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The delayed addition of human mesenchymal stem cells to pre-formed endothelial cell networks results in functional vascularization of a collagen–glycosaminoglycan scaffold in vivo

Overview of attention for article published in Acta Biomaterialia, December 2013
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Mentioned by

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2 tweeters

Citations

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89 Dimensions

Readers on

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136 Mendeley
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Title
The delayed addition of human mesenchymal stem cells to pre-formed endothelial cell networks results in functional vascularization of a collagen–glycosaminoglycan scaffold in vivo
Published in
Acta Biomaterialia, December 2013
DOI 10.1016/j.actbio.2013.08.014
Pubmed ID
Authors

T.M. McFadden, G.P. Duffy, A.B. Allen, H.Y. Stevens, S.M. Schwarzmaier, N. Plesnila, J.M. Murphy, F.P. Barry, R.E. Guldberg, F.J. O’Brien

Abstract

This paper demonstrates a method to engineer, in vitro, a nascent microvasculature within a collagen-glycosaminoglycan scaffold with a view to overcoming the major issue of graft failure due to avascular necrosis of tissue-engineered constructs. Human umbilical vein endothelial cells (ECs) were cultured alone and in various co-culture combinations with human mesenchymal stem cells (MSCs) to determine their vasculogenic abilities in vitro. Results demonstrated that the delayed addition of MSCs to pre-formed EC networks, whereby MSCs act as pericytes to the nascent vessels, resulted in the best developed vasculature. The results also demonstrate that the crosstalk between ECs and MSCs during microvessel formation occurs in a highly regulated, spatio-temporal fashion, whereby the initial seeding of ECs results in platelet derived growth factor (PDGF) release; the subsequent addition of MSCs 3 days later leads to a cessation in PDGF production, coinciding with increased vascular endothelial cell growth factor expression and enhanced vessel formation. Functional assessment of these pre-engineered constructs in a subcutaneous rat implant model demonstrated anastomosis between the in vitro engineered vessels and the host vasculature, with significantly increased vascularization occurring in the co-culture group. This study has thus provided new information on the process of in vitro vasculogenesis within a three-dimensional porous scaffold for tissue engineering and demonstrates the potential for using these vascularized scaffolds in the repair of critical sized bone defects.

Twitter Demographics

The data shown below were collected from the profiles of 2 tweeters who shared this research output. Click here to find out more about how the information was compiled.

Mendeley readers

The data shown below were compiled from readership statistics for 136 Mendeley readers of this research output. Click here to see the associated Mendeley record.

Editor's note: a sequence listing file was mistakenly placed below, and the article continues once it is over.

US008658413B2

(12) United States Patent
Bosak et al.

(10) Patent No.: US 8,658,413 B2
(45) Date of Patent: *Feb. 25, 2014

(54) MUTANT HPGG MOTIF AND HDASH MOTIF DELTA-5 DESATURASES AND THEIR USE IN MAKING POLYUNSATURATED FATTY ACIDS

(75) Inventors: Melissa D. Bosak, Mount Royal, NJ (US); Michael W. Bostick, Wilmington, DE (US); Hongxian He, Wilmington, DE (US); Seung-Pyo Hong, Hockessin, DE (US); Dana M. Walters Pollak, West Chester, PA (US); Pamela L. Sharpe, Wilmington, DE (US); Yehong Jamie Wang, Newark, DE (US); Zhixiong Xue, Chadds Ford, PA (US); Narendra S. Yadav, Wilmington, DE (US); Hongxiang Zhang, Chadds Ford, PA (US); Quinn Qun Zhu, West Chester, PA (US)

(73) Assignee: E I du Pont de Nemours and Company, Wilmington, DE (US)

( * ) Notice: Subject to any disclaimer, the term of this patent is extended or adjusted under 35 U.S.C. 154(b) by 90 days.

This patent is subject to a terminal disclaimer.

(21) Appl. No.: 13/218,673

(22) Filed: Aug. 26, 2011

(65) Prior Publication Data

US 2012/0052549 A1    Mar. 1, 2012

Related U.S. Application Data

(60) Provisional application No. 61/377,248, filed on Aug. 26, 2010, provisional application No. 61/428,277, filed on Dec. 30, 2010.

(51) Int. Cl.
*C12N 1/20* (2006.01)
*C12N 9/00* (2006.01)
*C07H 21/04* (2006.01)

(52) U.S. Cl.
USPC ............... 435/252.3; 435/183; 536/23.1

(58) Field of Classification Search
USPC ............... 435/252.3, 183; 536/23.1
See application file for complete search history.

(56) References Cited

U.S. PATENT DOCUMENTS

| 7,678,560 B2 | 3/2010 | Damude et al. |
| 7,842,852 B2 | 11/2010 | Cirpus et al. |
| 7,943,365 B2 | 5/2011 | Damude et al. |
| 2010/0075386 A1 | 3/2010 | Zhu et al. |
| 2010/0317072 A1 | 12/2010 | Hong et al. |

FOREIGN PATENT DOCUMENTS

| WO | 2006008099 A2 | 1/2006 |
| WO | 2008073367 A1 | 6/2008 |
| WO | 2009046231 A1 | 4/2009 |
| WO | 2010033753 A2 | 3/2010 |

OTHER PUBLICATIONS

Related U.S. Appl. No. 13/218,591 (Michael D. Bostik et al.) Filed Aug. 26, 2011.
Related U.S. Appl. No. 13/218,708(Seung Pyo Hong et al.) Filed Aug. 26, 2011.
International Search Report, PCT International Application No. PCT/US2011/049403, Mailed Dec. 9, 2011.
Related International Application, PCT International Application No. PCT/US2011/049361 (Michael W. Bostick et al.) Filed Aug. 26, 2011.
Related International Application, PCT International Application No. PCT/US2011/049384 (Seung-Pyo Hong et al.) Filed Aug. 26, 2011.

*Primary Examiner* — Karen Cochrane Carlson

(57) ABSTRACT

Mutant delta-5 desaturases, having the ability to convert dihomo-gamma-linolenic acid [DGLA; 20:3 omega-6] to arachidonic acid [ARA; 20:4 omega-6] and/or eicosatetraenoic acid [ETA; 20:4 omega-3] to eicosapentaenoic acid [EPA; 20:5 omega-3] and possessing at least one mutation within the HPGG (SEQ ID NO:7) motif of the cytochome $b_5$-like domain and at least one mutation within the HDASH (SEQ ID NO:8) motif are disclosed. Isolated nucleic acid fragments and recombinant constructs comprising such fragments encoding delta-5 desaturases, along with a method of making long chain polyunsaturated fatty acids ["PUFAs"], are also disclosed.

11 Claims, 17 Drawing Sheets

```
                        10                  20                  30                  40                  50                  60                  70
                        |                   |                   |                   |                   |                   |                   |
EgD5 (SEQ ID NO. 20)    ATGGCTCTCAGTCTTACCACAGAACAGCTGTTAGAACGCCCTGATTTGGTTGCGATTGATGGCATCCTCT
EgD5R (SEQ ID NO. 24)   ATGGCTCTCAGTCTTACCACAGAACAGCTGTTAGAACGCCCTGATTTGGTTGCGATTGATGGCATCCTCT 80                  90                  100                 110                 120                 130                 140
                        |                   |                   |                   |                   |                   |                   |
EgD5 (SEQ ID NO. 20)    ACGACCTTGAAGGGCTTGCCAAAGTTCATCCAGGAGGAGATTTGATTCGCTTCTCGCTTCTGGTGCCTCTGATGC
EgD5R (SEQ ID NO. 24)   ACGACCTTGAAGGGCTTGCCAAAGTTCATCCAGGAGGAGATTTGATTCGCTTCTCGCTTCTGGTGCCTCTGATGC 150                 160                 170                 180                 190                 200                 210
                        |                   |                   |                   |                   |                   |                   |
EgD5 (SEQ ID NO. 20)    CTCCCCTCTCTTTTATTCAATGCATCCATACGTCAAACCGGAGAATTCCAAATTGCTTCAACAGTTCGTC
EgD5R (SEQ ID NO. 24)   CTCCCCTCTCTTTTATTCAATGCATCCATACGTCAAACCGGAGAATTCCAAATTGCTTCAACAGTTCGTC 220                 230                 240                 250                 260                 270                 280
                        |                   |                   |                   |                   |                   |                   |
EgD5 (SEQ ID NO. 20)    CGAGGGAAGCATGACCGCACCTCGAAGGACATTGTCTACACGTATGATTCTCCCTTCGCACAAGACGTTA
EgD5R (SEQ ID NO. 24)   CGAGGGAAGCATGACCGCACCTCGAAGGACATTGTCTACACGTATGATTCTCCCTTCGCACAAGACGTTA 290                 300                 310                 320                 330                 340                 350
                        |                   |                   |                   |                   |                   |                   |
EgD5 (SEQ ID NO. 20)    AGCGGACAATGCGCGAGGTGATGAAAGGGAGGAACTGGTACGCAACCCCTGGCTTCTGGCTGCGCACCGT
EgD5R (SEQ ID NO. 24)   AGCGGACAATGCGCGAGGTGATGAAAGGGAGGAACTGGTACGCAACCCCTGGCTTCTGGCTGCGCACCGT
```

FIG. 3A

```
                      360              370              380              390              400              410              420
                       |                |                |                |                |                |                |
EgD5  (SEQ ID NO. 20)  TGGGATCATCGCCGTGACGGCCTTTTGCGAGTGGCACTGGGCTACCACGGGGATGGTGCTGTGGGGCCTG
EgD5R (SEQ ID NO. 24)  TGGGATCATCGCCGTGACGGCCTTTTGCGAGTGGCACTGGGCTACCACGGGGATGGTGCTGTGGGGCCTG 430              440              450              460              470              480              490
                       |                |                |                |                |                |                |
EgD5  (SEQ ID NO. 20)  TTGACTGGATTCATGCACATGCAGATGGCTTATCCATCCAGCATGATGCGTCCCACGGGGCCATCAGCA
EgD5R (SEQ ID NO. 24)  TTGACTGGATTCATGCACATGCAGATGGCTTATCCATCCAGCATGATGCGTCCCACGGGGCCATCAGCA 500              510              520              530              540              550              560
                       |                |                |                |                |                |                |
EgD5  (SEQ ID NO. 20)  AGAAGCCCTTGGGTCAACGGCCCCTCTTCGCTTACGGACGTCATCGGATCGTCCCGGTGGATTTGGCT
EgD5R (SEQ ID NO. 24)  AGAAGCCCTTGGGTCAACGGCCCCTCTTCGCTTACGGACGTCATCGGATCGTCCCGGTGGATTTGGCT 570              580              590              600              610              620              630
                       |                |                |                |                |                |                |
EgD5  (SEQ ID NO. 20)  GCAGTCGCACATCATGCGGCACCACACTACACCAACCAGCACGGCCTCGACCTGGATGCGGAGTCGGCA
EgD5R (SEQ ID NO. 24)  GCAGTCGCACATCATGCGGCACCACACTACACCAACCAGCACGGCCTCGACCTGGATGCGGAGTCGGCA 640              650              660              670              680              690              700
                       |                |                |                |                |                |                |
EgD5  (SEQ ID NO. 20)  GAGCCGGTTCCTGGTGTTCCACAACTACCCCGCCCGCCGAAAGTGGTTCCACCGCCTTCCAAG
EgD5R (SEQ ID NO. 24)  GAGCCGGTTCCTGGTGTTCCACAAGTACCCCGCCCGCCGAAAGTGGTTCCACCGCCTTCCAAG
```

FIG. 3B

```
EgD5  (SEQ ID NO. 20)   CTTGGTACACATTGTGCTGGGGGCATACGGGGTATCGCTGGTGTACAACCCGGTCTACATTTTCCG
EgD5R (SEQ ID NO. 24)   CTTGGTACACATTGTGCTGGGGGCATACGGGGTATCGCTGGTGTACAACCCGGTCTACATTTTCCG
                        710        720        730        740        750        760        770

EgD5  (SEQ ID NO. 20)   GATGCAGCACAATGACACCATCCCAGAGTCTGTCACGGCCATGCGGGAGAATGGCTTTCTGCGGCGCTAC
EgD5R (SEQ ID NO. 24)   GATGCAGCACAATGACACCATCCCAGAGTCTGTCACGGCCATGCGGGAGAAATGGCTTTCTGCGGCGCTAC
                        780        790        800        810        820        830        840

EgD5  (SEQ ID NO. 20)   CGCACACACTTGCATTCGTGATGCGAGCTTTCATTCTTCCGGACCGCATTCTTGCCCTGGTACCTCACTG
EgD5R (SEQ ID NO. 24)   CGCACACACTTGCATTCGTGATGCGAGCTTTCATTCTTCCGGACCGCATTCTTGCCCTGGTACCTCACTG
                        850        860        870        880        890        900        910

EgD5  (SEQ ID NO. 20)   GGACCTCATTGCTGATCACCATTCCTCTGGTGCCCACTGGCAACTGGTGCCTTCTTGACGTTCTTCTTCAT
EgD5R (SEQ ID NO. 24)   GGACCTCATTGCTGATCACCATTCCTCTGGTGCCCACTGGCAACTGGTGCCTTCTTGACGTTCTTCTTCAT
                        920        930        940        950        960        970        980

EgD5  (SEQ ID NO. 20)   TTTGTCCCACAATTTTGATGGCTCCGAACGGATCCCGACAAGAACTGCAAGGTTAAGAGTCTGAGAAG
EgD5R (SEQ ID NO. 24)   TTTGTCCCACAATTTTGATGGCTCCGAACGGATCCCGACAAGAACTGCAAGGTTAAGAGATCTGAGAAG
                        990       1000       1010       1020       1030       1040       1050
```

Geographical breakdown

Country Count As %
United Kingdom 2 1%
Germany 1 <1%
Brazil 1 <1%
Singapore 1 <1%
Iran, Islamic Republic of 1 <1%
United States 1 <1%
Unknown 129 95%

Demographic breakdown

Readers by professional status Count As %
Student > Ph. D. Student 47 35%
Researcher 21 15%
Student > Master 18 13%
Student > Bachelor 11 8%
Student > Doctoral Student 7 5%
Other 16 12%
Unknown 16 12%
Readers by discipline Count As %
Engineering 33 24%
Agricultural and Biological Sciences 33 24%
Medicine and Dentistry 14 10%
Materials Science 13 10%
Biochemistry, Genetics and Molecular Biology 6 4%
Other 15 11%
Unknown 22 16%

Attention Score in Context

This research output has an Altmetric Attention Score of 2. This is our high-level measure of the quality and quantity of online attention that it has received. This Attention Score, as well as the ranking and number of research outputs shown below, was calculated when the research output was last mentioned on 19 February 2014.
All research outputs
#7,170,565
of 12,070,659 outputs
Outputs from Acta Biomaterialia
#1,496
of 2,199 outputs
Outputs of similar age
#91,474
of 193,903 outputs
Outputs of similar age from Acta Biomaterialia
#27
of 40 outputs
Altmetric has tracked 12,070,659 research outputs across all sources so far. This one is in the 39th percentile – i.e., 39% of other outputs scored the same or lower than it.
So far Altmetric has tracked 2,199 research outputs from this source. They typically receive a little more attention than average, with a mean Attention Score of 5.1. This one is in the 31st percentile – i.e., 31% of its peers scored the same or lower than it.
Older research outputs will score higher simply because they've had more time to accumulate mentions. To account for age we can compare this Altmetric Attention Score to the 193,903 tracked outputs that were published within six weeks on either side of this one in any source. This one has gotten more attention than average, scoring higher than 51% of its contemporaries.
We're also able to compare this research output to 40 others from the same source and published within six weeks on either side of this one. This one is in the 32nd percentile – i.e., 32% of its contemporaries scored the same or lower than it.